Frank StellaEgyplosis Relief, 1996Relief etching and aquatint In colors on TGL handmade paper31 1/2 x 31 1/2 ins 80.01 x 80.01 cm
Frank StellaStubb & Flask Kill A Right Whale, 1992Relief printed etching,aquatint and engraving on handmade TGL paper76 1/2 x 56 x 9 1/2 ins 194.31 x 142.24 x 24.13 cm
Frank StellaA Squeeze of the Hand, 1988Serigraph/lithograph/linocut/collage72 x 54 ins 182.88 x 137.16 cm
Frank StellaShards Variant Va, 1982Lithograph and screenprint in colors on Arches paper39 6/8 x 45 2/8 ins 100.97 x 114.94 cmSigned, dated and numbered in pencil
Frank StellaSharpesville, 1973Lithograph16 x 22 ins 40.64 x 55.88 cm
American Artist Frank Stella is considered to be one of the country’s greatest living Abstract Expressionists. Stella is known for pioneering new expressions in minimalism, nonrepresentational painting and hybrid works that bridge the gap between sculpture and two-dimensional painting. Influenced by the likes of Jackson Pollock and Jasper Johns, Frank Stella’s works helped set a tone for the emotionally detached style of Pop Artists emerging in the 1960s, including Andy Warhol and Roy Lichtenstein.
What you see is what you see.”
— Frank Stella
Born and raised in a suburb of Boston, Frank Stella studied painting and history in high school at the prestigious Phillips Academy in Andover, MA. After graduation, Stella continued his studies at Princeton University, where he graduated with a BA degree 1958. Upon graduation, he moved to New York City, where he planned to paint for the summer, expecting to be drafted into army. Upon learning that he would not be drafted, Stella began to paint professionally.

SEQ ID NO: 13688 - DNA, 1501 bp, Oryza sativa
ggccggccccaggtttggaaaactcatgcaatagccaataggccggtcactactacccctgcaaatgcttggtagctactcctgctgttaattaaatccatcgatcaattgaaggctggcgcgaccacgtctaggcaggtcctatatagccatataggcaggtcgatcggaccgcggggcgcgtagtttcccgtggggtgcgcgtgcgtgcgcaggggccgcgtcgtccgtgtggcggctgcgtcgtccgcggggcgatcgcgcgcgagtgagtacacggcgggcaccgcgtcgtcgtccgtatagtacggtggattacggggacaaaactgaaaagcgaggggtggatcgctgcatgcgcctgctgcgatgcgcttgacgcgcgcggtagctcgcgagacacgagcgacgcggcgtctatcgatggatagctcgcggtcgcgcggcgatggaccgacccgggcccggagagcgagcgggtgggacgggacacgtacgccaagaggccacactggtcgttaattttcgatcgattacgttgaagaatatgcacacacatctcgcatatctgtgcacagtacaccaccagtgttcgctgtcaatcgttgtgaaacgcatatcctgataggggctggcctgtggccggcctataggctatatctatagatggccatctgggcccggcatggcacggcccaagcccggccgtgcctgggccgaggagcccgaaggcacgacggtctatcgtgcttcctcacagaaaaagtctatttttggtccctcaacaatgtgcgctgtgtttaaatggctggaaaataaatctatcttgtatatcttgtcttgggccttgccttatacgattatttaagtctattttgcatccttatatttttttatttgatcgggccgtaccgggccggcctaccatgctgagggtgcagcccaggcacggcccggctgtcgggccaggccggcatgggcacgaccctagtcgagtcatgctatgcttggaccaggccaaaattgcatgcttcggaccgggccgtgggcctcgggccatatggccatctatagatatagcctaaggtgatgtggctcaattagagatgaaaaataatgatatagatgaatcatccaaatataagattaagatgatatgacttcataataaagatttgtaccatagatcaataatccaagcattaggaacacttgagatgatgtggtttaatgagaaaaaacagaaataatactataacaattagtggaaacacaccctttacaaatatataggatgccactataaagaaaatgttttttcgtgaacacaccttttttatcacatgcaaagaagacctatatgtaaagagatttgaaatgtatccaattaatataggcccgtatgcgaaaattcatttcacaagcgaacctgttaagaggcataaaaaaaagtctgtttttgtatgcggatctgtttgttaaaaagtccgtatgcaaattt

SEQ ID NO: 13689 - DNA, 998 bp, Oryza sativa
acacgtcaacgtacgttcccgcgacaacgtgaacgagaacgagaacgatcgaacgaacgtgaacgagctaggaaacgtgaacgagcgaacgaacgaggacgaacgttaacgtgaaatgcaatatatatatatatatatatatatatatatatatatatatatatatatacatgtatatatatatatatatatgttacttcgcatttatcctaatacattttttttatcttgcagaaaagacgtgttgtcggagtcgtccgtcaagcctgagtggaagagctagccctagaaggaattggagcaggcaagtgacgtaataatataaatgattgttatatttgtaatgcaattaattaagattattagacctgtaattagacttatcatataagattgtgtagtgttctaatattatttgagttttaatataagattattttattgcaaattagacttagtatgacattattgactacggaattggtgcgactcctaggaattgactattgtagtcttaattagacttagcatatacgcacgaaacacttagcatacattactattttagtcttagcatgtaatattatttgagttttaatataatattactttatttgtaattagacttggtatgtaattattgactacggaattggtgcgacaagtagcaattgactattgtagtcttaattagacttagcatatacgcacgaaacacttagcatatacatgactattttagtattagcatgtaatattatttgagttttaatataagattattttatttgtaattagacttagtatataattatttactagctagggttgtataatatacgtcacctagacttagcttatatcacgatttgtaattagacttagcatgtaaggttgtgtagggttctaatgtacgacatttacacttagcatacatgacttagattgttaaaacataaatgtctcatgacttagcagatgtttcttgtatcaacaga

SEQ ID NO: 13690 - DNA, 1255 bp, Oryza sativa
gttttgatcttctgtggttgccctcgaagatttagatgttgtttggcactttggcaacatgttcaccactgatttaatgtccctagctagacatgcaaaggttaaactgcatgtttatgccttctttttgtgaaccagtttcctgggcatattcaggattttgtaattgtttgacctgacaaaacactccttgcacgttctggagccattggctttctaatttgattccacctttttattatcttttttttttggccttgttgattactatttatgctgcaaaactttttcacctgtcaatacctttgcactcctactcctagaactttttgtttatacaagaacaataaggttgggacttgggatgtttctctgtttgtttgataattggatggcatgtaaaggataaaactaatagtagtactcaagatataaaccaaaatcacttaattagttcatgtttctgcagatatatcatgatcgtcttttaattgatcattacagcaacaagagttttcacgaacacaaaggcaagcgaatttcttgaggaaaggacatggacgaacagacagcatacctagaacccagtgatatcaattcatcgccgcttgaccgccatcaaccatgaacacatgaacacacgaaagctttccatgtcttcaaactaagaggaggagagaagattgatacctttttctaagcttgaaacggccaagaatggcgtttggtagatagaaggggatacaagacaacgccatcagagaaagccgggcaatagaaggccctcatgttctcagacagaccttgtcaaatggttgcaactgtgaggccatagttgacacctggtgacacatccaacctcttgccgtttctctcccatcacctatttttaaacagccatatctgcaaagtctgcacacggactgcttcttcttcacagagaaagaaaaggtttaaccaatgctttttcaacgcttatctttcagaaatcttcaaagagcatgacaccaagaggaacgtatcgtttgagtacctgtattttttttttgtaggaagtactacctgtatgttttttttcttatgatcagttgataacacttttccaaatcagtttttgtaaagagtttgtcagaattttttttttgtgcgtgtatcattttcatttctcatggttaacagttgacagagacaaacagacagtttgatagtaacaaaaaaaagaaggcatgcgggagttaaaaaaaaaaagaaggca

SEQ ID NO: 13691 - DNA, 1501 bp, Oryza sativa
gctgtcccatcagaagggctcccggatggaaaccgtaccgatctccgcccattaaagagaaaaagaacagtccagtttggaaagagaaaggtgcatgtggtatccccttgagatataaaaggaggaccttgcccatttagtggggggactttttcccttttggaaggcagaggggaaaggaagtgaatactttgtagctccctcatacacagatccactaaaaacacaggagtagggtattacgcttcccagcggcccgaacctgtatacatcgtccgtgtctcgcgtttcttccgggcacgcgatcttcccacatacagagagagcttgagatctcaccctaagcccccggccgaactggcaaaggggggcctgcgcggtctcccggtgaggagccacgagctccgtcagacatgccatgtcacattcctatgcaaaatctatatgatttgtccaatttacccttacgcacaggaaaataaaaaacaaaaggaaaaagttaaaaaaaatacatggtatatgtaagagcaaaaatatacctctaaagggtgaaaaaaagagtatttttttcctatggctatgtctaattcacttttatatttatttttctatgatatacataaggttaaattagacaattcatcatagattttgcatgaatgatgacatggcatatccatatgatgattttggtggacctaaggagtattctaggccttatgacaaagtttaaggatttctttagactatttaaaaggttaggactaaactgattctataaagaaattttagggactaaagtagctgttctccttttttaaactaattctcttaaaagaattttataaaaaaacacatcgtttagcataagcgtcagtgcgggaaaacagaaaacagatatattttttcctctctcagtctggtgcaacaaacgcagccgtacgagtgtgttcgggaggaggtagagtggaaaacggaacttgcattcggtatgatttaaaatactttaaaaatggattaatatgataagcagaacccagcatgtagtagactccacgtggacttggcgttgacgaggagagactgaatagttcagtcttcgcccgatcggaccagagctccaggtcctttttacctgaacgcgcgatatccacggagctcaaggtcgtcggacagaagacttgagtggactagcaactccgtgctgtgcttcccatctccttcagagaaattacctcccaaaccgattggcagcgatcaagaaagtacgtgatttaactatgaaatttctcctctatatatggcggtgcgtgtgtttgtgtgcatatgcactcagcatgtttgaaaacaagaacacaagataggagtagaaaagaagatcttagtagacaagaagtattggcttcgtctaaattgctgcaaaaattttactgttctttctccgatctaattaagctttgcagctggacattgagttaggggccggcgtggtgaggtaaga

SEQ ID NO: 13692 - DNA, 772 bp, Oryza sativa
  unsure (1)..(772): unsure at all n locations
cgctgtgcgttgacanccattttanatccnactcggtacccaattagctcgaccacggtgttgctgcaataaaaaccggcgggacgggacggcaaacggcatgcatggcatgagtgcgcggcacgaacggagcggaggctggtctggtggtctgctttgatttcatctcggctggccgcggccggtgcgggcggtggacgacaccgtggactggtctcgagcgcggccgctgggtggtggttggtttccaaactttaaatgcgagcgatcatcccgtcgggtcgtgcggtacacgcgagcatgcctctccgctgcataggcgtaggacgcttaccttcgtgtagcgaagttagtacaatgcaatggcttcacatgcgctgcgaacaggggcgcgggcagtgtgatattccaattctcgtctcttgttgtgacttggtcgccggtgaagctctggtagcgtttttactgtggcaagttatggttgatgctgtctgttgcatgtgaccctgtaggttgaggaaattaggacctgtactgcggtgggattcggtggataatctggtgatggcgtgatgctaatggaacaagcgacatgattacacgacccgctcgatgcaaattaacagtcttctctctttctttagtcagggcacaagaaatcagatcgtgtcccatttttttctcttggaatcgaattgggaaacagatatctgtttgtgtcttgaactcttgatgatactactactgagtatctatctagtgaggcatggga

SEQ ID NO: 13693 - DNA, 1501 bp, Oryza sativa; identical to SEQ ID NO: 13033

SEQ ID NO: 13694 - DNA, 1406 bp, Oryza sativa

Frank Stella’s career took off rather quickly, as four of his paintings in a series known as The Black Paintings were shown at an exhibition entitled 16 Americans at the Museum of Modern Art (MoMA) during 1959-1960. The museum purchased The Marriage of Reason and Squalor, II (1959) from the exhibition.
The Black Paintings were created by Stella using black enamel paint used to for house painting. The white pinstripes are unpainted canvas. Early in his career, Frank Stella deviated from his Contemporary Art peers whose abstractions related to objects of physicality or emotions. For Stella, who famously said, “What you see is what you see,” this non-representational philosophy separated his approach from that of others. For the Frank Stella, the art is the object and it alludes to nothing else.
In the 1960s, Stella continued to employ the pinstripe style of The Black Paintings, but created new works using aluminum and copper paint, and also a wider array of colors. Pushing the boundaries of painting, Frank Stella began painting on uniquely shaped canvases – often in the shape of a T, U, L or N. In the mid-60s, the artist made a significant change with his Irregular Polygons series of paintings, which would mark the first works on asymmetrical shaped canvases. Thus began a change in painting philosophy, moving away from the style of flatness for which Stella was known, toward new explorations of space and depth – a transformation that would be integral to the painter’s evolution.
In the early 1970s, Frank Stella developed his iconic Protractor Series of paintings using the geometric tool for which the series is named, to create half and full circles painted with fields of color. The paintings in this series are named for the circular shaped cities that Stella visited on a trip to the Middle East, inspired by Persian architecture and art. The painter’s fondness for such interweaving and interlocking shapes – and they’re illusory effects on the viewer – signified further movement away from the flat style of his prior works.